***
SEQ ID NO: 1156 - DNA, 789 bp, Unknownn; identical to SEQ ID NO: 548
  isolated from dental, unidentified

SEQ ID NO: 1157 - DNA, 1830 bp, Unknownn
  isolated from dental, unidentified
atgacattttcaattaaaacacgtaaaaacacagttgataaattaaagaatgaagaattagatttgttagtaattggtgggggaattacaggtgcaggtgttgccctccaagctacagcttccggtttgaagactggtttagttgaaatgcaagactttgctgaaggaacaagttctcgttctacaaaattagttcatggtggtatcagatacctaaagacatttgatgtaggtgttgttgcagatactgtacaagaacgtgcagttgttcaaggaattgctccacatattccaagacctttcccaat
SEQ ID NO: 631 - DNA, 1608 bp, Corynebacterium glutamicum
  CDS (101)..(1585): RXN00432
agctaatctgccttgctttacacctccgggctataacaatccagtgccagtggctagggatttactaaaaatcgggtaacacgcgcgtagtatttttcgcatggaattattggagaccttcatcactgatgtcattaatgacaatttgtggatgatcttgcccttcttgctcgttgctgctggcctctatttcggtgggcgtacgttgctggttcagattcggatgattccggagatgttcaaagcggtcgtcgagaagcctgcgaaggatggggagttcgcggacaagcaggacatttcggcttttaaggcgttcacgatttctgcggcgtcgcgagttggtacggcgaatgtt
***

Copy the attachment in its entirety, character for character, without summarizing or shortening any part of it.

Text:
SEQ ID NO: 1156 - DNA, 789 bp, Unknownn; identical to SEQ ID NO: 548
  isolated from dental, unidentified

SEQ ID NO: 1157 - DNA, 1830 bp, Unknownn
  isolated from dental, unidentified
atgacattttcaattaaaacacgtaaaaacacagttgataaattaaagaatgaagaattagatttgttagtaattggtgggggaattacaggtgcaggtgttgccctccaagctacagcttccggtttgaagactggtttagttgaaatgcaagactttgctgaaggaacaagttctcgttctacaaaattagttcatggtggtatcagatacctaaagacatttgatgtaggtgttgttgcagatactgtacaagaacgtgcagttgttcaaggaattgctccacatattccaagacctttcccaat
SEQ ID NO: 631 - DNA, 1608 bp, Corynebacterium glutamicum
  CDS (101)..(1585): RXN00432
agctaatctgccttgctttacacctccgggctataacaatccagtgccagtggctagggatttactaaaaatcgggtaacacgcgcgtagtatttttcgcatggaattattggagaccttcatcactgatgtcattaatgacaatttgtggatgatcttgcccttcttgctcgttgctgctggcctctatttcggtgggcgtacgttgctggttcagattcggatgattccggagatgttcaaagcggtcgtcgagaagcctgcgaaggatggggagttcgcggacaagcaggacatttcggcttttaaggcgttcacgatttctgcggcgtcgcgagttggtacggcgaatgtt